Marx-Engels Correspondence 1868
Written: November 7, 1868;
Source: Marx and Engels Correspondence;
Publisher: International Publishers (1968);
First Published: Gestamtausgabe;
Translated: Donna Torr;
Transcribed: Sally Ryan in 1999;
HTML Markup: Sally Ryan.
Borkheim is translating the chief passages from the Russian book on the disintegration of agriculture for me, and has also given me a French book about it by the Russian, Shedo-Ferroti. The latter makes a great mistake--he is altogether quite a superficial fellow--when he says the Russian communal system first originated from the law prohibiting the peasant from leaving the land. The whole thing, down to the smallest details, is absolutely identical with the primitive Germanic communal system. What the Russians have added (and this is also found in a section of the Indian communal system, not in the Punjab but in the South) is (I) the non-democratic but patriarchal character of the commune leadership, and (2) the collective responsibility for taxes to the state, etc. It follows from the second point that the more industrious a Russian peasant is, the more he is exploited for the purposes of the state, not only for taxes, but for the supply of produce, horses, etc., during the continual passage of bodies of troops, for government couriers etc. The whole foul mess is in process of collapse.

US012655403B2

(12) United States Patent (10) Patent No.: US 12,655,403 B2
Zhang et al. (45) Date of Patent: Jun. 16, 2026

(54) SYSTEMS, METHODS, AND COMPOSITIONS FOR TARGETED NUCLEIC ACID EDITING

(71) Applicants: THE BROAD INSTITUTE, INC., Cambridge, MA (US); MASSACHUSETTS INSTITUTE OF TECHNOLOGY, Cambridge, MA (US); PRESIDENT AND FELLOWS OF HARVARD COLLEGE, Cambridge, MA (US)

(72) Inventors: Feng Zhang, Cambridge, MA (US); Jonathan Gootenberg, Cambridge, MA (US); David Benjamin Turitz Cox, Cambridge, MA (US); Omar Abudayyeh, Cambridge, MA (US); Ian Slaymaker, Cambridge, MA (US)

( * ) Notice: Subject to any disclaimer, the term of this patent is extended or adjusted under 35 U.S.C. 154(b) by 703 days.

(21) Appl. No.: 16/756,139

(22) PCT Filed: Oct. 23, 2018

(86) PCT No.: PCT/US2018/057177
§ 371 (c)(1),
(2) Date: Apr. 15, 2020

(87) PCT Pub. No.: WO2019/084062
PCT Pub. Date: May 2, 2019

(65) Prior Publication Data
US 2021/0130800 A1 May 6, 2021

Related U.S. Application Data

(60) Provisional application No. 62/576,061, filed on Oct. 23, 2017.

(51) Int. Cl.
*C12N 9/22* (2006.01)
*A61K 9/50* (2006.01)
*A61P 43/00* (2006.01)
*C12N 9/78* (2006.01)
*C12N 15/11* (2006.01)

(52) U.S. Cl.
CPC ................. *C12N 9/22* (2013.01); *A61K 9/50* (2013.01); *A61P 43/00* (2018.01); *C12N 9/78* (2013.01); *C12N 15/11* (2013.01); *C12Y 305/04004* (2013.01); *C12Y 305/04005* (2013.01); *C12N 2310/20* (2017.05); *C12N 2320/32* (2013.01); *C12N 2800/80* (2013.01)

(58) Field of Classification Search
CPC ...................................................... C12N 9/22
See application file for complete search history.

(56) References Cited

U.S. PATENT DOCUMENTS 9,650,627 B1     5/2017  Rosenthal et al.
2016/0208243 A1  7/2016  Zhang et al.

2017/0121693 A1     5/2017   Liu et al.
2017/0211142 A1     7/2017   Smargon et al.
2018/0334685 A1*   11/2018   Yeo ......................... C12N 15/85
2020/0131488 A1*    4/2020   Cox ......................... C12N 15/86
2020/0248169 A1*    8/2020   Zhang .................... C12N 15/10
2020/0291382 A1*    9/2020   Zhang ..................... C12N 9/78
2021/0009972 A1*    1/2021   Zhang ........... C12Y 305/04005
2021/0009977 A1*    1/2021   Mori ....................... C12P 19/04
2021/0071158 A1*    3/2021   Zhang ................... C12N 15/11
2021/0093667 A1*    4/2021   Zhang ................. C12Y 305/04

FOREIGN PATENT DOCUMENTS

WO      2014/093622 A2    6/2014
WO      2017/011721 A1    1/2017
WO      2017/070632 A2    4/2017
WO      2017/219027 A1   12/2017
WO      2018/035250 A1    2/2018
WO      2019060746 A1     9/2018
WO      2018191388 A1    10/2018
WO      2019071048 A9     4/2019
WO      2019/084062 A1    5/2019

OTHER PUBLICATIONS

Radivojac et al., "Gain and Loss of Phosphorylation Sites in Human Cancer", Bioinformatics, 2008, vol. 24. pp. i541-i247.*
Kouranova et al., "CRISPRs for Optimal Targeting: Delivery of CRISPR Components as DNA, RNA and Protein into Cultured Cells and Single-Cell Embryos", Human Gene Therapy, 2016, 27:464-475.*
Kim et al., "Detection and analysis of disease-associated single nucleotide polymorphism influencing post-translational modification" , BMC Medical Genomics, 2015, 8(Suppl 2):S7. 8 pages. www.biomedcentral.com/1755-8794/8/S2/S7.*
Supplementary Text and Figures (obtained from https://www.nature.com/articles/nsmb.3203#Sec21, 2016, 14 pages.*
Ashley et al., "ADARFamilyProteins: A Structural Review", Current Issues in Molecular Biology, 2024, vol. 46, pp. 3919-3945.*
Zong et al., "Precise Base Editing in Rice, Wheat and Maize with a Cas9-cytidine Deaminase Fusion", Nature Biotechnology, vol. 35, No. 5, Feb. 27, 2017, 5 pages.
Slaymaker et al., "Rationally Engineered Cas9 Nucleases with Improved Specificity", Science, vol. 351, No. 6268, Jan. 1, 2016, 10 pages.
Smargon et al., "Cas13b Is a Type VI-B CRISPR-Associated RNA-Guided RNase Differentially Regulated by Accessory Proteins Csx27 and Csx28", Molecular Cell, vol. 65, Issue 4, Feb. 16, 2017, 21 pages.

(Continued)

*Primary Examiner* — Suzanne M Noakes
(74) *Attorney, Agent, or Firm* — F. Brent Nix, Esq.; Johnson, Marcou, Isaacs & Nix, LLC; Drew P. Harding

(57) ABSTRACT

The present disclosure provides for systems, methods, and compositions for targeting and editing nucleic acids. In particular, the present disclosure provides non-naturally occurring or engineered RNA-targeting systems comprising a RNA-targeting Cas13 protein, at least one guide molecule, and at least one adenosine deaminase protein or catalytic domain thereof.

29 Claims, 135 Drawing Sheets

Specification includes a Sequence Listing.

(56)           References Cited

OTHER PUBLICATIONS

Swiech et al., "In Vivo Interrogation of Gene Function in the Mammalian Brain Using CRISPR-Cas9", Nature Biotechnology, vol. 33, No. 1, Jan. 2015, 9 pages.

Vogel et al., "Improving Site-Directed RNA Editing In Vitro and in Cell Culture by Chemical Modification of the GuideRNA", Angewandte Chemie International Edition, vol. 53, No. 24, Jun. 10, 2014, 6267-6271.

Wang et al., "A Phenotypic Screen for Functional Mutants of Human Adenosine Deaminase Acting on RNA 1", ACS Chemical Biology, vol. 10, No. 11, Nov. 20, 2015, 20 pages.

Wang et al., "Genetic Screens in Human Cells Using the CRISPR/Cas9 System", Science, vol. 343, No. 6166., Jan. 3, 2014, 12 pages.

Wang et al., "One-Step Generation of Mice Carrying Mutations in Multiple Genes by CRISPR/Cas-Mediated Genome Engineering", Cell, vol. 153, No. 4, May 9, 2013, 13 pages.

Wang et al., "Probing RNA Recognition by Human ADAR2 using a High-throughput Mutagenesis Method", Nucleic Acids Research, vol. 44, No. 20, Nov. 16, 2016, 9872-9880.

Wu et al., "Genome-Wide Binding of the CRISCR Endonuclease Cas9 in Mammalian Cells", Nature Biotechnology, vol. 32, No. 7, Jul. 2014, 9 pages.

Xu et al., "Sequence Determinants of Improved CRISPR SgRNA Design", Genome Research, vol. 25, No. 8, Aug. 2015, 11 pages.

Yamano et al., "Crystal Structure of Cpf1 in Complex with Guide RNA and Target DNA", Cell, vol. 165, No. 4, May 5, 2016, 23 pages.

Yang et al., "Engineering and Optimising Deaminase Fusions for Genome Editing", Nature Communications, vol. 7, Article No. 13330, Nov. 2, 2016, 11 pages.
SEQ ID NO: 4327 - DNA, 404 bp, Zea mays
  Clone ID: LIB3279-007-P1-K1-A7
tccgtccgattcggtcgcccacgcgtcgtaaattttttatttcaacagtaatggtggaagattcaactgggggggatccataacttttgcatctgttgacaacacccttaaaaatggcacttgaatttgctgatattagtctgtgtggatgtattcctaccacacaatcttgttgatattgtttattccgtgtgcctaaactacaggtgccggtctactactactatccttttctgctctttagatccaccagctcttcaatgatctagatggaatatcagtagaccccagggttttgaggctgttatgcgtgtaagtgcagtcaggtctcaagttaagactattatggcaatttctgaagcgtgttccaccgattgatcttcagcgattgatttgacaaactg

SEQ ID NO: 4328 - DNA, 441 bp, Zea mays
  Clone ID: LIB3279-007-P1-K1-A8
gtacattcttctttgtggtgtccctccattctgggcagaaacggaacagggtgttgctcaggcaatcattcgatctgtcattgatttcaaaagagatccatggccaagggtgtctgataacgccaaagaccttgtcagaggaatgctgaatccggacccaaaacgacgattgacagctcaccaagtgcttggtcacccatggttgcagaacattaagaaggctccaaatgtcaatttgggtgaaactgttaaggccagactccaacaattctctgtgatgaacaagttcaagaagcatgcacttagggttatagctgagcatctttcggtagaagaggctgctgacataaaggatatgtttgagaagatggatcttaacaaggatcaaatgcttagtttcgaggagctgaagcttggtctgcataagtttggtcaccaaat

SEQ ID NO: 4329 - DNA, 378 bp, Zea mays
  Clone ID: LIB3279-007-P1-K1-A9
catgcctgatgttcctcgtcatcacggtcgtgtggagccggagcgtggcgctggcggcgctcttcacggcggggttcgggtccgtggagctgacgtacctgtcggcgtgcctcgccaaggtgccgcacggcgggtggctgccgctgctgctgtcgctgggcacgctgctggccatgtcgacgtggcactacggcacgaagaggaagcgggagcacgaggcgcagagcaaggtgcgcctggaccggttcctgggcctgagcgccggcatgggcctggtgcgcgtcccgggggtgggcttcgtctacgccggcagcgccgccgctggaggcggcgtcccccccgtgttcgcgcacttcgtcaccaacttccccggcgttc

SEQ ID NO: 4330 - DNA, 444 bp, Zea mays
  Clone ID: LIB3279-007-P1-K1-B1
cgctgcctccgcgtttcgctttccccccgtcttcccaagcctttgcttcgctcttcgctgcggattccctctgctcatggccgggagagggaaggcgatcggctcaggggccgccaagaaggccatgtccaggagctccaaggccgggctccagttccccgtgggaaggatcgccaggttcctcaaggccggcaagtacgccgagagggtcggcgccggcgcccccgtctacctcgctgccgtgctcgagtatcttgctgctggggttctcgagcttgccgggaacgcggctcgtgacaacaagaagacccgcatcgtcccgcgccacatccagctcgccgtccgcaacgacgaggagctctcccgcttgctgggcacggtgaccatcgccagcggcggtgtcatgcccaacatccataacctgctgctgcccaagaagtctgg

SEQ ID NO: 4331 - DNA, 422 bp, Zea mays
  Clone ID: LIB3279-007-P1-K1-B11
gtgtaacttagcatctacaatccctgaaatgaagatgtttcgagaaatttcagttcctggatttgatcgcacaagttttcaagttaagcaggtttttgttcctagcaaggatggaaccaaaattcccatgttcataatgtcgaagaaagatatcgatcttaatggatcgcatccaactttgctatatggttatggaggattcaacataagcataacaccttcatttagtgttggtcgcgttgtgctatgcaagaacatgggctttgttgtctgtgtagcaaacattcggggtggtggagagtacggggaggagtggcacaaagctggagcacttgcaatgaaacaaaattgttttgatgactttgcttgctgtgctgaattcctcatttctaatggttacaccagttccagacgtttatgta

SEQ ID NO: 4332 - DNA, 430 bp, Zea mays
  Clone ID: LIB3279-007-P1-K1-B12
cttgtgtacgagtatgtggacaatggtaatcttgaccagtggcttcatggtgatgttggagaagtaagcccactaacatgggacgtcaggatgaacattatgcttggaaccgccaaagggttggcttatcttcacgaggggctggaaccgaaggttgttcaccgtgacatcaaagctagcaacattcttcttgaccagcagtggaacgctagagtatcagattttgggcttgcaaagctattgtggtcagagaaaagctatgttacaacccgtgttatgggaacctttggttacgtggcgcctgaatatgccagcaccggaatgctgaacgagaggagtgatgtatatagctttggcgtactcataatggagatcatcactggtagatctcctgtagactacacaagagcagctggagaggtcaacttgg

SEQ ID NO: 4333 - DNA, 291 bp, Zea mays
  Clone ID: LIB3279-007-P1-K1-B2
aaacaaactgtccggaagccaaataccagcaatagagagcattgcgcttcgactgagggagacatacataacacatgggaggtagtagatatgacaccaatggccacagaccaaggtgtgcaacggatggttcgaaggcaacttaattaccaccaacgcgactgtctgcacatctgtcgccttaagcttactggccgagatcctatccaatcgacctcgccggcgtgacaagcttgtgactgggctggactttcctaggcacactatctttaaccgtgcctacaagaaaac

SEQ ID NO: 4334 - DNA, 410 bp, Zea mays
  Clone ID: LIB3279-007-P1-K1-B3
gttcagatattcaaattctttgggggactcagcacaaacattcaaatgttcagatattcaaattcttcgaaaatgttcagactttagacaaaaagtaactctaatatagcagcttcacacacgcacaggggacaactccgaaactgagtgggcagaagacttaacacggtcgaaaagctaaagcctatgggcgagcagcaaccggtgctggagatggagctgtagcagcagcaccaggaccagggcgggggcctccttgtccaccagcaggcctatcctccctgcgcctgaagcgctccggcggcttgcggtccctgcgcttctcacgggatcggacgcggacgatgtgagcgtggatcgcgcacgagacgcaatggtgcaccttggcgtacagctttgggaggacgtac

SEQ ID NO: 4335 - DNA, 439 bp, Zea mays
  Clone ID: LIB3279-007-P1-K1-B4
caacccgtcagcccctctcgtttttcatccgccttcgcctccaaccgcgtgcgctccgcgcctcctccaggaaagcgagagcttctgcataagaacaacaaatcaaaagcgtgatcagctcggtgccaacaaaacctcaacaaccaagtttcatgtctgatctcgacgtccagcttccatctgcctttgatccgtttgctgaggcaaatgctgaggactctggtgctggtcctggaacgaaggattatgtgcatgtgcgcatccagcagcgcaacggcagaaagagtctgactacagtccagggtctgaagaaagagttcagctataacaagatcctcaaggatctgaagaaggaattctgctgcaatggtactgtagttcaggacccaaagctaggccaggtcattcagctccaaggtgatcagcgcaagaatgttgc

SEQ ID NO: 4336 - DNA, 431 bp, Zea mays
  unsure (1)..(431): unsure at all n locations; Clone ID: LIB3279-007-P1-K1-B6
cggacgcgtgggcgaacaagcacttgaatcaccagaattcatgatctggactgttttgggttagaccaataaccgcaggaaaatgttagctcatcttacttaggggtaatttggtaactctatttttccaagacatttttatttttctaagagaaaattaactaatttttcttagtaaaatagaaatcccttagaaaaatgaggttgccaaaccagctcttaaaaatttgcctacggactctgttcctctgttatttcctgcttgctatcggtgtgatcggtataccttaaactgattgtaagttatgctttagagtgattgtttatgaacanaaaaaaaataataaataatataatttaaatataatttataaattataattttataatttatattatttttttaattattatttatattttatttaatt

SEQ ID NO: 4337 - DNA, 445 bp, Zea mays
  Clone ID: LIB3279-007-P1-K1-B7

I regard Dietzgen's development, in so far as Feuerbach, etc.--in short, his sources--are not obvious, as entirely his own independent achievement. For the rest, I agree with everything you say. I will say something to him about the repetitions. It is bad luck for him that it is precisely Hegel that he has not studied.